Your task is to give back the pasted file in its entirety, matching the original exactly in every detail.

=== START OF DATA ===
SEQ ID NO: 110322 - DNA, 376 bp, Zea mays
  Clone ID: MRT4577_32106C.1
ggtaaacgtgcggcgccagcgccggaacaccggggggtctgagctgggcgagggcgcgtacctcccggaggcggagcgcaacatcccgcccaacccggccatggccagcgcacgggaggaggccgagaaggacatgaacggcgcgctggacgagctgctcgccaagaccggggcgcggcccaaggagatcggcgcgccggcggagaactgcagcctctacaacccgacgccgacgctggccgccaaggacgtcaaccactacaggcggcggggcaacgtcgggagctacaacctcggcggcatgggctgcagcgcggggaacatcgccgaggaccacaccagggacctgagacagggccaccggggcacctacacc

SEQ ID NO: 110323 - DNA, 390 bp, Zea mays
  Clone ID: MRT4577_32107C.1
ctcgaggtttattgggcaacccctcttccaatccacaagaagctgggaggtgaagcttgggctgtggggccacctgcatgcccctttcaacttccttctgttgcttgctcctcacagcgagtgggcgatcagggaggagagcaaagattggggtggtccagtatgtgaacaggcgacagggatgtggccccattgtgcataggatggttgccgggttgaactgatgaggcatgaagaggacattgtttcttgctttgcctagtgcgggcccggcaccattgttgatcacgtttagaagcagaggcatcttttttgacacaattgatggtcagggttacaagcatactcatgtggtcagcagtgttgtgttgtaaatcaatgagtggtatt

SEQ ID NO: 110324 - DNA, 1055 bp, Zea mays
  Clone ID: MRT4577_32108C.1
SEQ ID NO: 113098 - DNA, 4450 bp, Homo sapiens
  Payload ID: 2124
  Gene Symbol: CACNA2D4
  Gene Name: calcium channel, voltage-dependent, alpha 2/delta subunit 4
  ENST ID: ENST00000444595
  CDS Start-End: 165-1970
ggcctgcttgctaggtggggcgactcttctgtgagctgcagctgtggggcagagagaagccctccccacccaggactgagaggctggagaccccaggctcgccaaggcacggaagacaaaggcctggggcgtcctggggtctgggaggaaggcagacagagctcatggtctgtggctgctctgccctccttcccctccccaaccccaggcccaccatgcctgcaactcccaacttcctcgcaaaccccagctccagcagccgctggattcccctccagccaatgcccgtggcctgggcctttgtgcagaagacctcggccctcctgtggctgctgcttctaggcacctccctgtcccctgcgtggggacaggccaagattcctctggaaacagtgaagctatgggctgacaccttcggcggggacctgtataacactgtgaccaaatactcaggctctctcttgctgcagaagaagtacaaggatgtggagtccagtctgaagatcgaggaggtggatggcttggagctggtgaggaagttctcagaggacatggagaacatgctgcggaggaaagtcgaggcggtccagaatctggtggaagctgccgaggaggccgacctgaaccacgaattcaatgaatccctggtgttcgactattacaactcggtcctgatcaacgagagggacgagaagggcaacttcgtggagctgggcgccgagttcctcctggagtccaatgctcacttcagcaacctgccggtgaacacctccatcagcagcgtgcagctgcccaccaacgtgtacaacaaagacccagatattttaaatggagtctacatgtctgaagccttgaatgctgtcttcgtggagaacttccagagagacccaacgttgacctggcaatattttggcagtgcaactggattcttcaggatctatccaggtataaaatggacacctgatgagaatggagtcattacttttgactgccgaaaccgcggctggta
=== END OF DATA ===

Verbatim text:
SEQ ID NO: 110322 - DNA, 376 bp, Zea mays
  Clone ID: MRT4577_32106C.1
ggtaaacgtgcggcgccagcgccggaacaccggggggtctgagctgggcgagggcgcgtacctcccggaggcggagcgcaacatcccgcccaacccggccatggccagcgcacgggaggaggccgagaaggacatgaacggcgcgctggacgagctgctcgccaagaccggggcgcggcccaaggagatcggcgcgccggcggagaactgcagcctctacaacccgacgccgacgctggccgccaaggacgtcaaccactacaggcggcggggcaacgtcgggagctacaacctcggcggcatgggctgcagcgcggggaacatcgccgaggaccacaccagggacctgagacagggccaccggggcacctacacc

SEQ ID NO: 110323 - DNA, 390 bp, Zea mays
  Clone ID: MRT4577_32107C.1
ctcgaggtttattgggcaacccctcttccaatccacaagaagctgggaggtgaagcttgggctgtggggccacctgcatgcccctttcaacttccttctgttgcttgctcctcacagcgagtgggcgatcagggaggagagcaaagattggggtggtccagtatgtgaacaggcgacagggatgtggccccattgtgcataggatggttgccgggttgaactgatgaggcatgaagaggacattgtttcttgctttgcctagtgcgggcccggcaccattgttgatcacgtttagaagcagaggcatcttttttgacacaattgatggtcagggttacaagcatactcatgtggtcagcagtgttgtgttgtaaatcaatgagtggtatt

SEQ ID NO: 110324 - DNA, 1055 bp, Zea mays
  Clone ID: MRT4577_32108C.1
SEQ ID NO: 113098 - DNA, 4450 bp, Homo sapiens
  Payload ID: 2124
  Gene Symbol: CACNA2D4
  Gene Name: calcium channel, voltage-dependent, alpha 2/delta subunit 4
  ENST ID: ENST00000444595
  CDS Start-End: 165-1970
ggcctgcttgctaggtggggcgactcttctgtgagctgcagctgtggggcagagagaagccctccccacccaggactgagaggctggagaccccaggctcgccaaggcacggaagacaaaggcctggggcgtcctggggtctgggaggaaggcagacagagctcatggtctgtggctgctctgccctccttcccctccccaaccccaggcccaccatgcctgcaactcccaacttcctcgcaaaccccagctccagcagccgctggattcccctccagccaatgcccgtggcctgggcctttgtgcagaagacctcggccctcctgtggctgctgcttctaggcacctccctgtcccctgcgtggggacaggccaagattcctctggaaacagtgaagctatgggctgacaccttcggcggggacctgtataacactgtgaccaaatactcaggctctctcttgctgcagaagaagtacaaggatgtggagtccagtctgaagatcgaggaggtggatggcttggagctggtgaggaagttctcagaggacatggagaacatgctgcggaggaaagtcgaggcggtccagaatctggtggaagctgccgaggaggccgacctgaaccacgaattcaatgaatccctggtgttcgactattacaactcggtcctgatcaacgagagggacgagaagggcaacttcgtggagctgggcgccgagttcctcctggagtccaatgctcacttcagcaacctgccggtgaacacctccatcagcagcgtgcagctgcccaccaacgtgtacaacaaagacccagatattttaaatggagtctacatgtctgaagccttgaatgctgtcttcgtggagaacttccagagagacccaacgttgacctggcaatattttggcagtgcaactggattcttcaggatctatccaggtataaaatggacacctgatgagaatggagtcattacttttgactgccgaaaccgcggctggta